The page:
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Durham Bankruptcy Law Blog

Credit card debt growing across the nation

Many people in North Carolina are struggling with insurmountable amounts of credit card debt. This is especially true if they have paid for some significant expenses on credit or their income has declined after signing up for new credit cards. Across the country, people are accumulating increasing amounts of debt; the average individual debt reached $5,331 in 2019 on credit cards alone. Most people are unable to pay off their full balance each month; only 45 percent pay in full when they receive their monthly statements.

A number of factors may influence how much credit card debt a person has. People between 45 and 54 have the highest amount of debt. At the same time, people in the same category often have the highest incomes, so they may be better able to deal with the amounts that they owe. Younger and older Americans have lower amounts of debt. As people retire, they are less likely to accumulate major purchases on their credit cards as they adjust to a fixed income. In addition, those who make more money are also more likely to spend money. At the same time, those people may be better placed to pay off their debt. This debt-to-income ratio may be a more important metric.

How you can tell your finances are on the verge of disaster

It can be easy to look away and not pay attention to your troubled finances. However, even if “out of sight, out of mind” works for you, your finances will not get better by ignoring them. When you do not stay involved in your finances, you may not only miss when a major financial collapse is imminent, but you will not be prepared for it. One thing that can really help stave off any major financial problems is recognizing when a disaster is about to strike.

Here are the red flags and situations you should be paying attention to that can save you from a financial crisis.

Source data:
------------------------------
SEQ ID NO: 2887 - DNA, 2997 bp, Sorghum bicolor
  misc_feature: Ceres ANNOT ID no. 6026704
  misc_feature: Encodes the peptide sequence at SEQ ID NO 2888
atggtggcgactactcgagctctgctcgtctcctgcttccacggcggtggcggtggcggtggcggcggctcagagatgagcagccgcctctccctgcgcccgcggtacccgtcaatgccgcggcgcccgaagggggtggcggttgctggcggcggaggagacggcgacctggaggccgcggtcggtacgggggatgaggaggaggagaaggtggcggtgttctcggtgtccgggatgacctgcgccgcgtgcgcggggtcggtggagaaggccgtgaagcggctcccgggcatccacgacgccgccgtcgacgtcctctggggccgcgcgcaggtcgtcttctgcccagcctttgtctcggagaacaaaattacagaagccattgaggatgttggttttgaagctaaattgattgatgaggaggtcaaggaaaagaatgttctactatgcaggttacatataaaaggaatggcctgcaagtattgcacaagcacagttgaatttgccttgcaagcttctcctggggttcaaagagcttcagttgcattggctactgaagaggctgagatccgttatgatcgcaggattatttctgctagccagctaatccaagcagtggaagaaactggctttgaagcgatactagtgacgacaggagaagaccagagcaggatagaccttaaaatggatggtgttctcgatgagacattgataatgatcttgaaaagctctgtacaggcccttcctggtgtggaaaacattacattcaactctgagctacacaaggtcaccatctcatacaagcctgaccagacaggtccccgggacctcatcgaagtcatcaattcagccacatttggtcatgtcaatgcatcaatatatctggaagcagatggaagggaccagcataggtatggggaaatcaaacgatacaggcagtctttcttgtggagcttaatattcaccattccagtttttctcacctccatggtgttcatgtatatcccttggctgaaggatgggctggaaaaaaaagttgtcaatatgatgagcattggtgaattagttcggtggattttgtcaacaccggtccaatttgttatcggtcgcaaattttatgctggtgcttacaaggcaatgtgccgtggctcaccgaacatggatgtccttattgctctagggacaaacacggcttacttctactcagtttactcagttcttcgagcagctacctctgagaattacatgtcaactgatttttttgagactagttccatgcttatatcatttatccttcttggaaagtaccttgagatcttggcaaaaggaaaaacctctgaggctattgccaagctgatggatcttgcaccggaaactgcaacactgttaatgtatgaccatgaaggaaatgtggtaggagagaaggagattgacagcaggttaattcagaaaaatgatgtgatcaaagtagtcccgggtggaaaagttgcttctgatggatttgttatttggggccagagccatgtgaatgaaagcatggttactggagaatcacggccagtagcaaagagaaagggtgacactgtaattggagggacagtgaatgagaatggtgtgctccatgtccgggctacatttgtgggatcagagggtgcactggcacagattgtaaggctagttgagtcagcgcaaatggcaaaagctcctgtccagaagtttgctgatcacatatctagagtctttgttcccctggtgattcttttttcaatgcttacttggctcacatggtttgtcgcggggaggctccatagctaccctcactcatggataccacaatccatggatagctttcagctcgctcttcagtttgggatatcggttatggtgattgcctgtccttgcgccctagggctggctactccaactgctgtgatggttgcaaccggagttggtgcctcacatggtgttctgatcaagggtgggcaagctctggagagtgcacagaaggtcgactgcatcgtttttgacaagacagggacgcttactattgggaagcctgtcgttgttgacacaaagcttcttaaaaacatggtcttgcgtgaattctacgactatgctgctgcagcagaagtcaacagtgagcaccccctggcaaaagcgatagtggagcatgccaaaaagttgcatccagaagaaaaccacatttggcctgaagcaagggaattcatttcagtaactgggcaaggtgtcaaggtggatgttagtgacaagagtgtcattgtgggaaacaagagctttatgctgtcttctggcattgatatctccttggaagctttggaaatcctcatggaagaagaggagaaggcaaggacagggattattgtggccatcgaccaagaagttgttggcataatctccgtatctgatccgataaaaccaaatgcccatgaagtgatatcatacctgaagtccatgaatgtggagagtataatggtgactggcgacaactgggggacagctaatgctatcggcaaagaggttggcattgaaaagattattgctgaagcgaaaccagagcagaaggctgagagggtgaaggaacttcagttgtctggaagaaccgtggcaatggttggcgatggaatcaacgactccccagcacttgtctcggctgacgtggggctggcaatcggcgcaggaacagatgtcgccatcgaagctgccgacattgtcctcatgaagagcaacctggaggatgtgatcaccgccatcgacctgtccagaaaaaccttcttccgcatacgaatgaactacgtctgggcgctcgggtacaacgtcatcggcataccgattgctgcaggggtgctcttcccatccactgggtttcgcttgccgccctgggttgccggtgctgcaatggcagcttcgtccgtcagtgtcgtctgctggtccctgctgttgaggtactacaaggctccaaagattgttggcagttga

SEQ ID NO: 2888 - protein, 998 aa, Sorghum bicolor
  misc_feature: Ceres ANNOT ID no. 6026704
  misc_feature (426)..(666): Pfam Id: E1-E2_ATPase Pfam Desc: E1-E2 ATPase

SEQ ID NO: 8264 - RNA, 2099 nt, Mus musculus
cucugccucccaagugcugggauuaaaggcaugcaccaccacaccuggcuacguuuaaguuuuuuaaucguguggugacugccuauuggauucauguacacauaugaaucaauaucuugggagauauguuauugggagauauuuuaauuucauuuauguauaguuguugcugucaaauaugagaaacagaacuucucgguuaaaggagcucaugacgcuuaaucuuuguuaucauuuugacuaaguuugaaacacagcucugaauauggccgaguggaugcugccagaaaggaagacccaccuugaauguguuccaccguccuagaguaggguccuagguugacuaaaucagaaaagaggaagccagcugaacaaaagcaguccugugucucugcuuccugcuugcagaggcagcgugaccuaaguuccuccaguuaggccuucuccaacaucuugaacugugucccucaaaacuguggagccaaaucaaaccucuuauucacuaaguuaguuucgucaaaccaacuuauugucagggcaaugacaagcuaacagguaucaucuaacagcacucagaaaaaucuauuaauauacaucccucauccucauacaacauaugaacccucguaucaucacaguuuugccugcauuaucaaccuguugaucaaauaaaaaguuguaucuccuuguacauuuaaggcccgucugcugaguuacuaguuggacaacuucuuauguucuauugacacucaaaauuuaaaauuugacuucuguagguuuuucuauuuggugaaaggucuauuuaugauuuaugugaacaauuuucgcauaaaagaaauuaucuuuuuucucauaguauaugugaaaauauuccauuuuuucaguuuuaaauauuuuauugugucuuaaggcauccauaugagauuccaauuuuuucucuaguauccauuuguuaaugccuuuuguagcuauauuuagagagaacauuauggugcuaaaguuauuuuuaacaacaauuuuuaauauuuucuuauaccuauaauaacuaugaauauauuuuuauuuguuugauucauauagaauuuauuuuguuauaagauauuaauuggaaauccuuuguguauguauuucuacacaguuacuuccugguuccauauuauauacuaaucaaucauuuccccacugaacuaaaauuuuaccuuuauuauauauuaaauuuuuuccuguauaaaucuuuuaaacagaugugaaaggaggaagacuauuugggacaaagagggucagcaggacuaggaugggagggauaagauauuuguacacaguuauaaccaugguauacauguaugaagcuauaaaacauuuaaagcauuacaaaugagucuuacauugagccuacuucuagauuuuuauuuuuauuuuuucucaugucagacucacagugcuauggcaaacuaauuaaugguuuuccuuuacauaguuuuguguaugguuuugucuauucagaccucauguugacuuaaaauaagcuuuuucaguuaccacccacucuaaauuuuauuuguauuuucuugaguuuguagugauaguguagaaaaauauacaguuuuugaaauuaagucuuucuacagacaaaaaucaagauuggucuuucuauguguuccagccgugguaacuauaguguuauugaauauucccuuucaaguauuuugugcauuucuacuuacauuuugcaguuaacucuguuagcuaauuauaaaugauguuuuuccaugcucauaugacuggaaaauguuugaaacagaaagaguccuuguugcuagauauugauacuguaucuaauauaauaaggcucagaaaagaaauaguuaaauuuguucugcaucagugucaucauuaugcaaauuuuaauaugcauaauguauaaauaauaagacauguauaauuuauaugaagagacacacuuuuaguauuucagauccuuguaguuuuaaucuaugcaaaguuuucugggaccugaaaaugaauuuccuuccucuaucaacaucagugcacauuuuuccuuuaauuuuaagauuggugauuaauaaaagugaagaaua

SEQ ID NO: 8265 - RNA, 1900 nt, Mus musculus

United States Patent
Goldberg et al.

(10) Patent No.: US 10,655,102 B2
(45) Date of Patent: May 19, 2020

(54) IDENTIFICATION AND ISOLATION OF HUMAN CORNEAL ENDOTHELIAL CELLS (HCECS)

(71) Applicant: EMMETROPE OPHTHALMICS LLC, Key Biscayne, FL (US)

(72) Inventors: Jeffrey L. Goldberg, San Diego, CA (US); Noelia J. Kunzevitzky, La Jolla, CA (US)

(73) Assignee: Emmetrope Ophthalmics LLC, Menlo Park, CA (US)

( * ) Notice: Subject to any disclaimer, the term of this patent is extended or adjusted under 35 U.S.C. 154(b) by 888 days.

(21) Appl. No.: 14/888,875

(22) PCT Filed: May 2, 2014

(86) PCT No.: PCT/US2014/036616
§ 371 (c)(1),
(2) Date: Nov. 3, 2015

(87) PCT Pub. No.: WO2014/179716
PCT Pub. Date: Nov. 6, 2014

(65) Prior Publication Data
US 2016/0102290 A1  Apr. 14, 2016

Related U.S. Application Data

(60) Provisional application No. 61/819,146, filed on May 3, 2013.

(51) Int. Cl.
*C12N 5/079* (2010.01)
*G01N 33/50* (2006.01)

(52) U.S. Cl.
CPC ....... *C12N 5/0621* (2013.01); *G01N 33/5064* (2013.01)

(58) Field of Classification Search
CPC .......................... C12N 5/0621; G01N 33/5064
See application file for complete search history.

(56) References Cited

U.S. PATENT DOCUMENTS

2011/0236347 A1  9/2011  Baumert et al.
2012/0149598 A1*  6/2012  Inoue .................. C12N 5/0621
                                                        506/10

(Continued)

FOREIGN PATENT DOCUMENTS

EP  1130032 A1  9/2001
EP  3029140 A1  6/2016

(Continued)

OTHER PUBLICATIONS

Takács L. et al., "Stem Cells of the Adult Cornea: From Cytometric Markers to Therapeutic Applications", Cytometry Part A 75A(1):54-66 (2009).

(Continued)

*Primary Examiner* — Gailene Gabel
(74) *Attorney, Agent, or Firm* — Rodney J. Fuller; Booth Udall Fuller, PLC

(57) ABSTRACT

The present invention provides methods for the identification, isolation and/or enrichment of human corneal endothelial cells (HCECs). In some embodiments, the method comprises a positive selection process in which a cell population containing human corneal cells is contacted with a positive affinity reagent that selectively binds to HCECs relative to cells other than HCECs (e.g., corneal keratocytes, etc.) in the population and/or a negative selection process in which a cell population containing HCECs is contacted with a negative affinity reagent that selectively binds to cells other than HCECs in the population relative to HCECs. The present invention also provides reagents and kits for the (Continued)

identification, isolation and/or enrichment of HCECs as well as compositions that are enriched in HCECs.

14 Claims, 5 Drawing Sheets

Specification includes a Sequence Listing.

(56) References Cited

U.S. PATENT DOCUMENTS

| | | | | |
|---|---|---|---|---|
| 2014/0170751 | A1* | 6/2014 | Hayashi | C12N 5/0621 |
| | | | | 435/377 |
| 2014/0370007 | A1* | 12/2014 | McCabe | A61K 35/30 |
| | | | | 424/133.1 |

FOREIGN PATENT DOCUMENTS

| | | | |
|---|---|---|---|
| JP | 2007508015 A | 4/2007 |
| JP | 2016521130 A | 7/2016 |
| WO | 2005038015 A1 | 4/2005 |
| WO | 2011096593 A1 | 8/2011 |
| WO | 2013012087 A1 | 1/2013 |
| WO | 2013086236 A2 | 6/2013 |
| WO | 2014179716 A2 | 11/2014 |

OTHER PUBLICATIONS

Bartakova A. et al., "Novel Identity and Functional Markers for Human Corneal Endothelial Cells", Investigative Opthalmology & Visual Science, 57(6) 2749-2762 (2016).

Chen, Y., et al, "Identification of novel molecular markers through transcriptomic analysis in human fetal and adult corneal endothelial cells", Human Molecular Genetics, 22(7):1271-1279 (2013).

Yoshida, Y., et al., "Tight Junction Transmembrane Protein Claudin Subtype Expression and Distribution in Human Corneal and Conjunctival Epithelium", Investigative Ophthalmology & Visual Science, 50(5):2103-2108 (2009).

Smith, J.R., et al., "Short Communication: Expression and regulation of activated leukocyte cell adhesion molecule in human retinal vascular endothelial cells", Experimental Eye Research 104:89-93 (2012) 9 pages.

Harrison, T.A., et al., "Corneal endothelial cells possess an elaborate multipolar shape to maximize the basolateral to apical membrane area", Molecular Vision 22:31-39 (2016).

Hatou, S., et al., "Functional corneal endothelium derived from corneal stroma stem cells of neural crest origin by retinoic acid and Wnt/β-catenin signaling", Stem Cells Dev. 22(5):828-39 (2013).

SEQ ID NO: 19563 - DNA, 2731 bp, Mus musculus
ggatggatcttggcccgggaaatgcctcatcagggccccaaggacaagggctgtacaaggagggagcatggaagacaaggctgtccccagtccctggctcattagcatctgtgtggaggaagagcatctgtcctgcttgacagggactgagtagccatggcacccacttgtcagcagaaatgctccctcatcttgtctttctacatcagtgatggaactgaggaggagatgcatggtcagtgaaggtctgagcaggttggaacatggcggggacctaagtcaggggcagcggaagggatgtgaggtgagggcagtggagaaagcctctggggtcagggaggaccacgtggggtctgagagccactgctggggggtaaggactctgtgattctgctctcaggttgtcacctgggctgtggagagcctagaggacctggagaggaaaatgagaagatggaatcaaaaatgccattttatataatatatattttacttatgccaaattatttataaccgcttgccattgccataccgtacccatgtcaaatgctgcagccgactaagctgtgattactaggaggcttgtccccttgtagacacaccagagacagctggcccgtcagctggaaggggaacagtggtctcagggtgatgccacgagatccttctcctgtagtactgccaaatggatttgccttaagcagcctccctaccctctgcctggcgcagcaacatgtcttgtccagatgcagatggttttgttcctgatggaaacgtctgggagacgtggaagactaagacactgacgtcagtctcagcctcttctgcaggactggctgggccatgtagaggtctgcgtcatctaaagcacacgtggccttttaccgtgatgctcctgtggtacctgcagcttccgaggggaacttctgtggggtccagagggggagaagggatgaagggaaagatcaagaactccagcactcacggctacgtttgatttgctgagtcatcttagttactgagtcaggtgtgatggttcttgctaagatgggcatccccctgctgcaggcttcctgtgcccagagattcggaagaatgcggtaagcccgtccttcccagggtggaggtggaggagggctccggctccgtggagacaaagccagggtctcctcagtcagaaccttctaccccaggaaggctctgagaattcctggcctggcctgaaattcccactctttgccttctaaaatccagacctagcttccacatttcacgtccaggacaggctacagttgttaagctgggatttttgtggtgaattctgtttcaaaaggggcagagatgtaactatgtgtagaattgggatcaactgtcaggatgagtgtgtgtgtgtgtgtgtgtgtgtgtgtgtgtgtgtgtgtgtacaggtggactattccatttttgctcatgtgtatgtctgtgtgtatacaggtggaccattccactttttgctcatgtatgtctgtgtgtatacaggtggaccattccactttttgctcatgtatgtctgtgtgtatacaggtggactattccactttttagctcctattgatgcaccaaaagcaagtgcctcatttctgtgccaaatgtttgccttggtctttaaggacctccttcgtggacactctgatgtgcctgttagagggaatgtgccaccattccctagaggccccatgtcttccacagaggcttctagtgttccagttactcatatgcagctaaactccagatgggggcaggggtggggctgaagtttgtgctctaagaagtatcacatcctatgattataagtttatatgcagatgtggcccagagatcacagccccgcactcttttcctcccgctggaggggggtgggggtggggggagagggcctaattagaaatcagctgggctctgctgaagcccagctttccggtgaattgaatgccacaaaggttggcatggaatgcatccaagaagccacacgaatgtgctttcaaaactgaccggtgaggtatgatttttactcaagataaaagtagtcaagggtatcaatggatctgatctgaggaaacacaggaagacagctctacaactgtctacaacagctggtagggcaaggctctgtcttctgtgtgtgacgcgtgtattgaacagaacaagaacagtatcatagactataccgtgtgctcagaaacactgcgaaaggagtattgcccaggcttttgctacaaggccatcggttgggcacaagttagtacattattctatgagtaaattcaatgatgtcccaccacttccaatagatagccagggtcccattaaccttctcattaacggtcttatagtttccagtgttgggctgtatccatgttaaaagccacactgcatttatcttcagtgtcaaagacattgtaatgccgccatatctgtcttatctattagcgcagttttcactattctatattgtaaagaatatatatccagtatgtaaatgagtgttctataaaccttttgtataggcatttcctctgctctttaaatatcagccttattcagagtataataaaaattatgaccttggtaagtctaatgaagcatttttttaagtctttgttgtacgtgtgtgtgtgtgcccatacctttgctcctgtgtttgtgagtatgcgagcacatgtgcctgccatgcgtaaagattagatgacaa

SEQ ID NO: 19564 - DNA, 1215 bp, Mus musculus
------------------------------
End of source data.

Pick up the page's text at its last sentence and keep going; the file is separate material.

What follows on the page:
Why do most Americans file bankruptcy?

Every year, over 530,000 Americans file bankruptcy. However, you may still associate it with a negative stigma. Many people associate bankruptcy with irresponsible credit card spending or poor financial management, but the truth is far more complicated.

A recent study identified the driving factors behind bankruptcies in the U.S. Although Americans can have numerous, complex motivations for filing bankruptcy, the study identified the single most prevalent cause: medical debt.

What are the top three causes of debt?

Debt is a slippery slope that is often hard, if not impossible to avoid. A new poll reveals that 25 percent of Americans see no hope of paying off their debt before they die. Another 40 percent of Americans simply don't know when they will be able to pay off their debt. That leaves the remaining 35 percent of the population with a payment plan and a known payoff date and the rare few with no debt at all.

These are startling numbers that lead to the question, why are debt levels so high? Of course, anyone in debt can tell you the answer, but here is a summary.

North Carolina has seen a big increase in student debt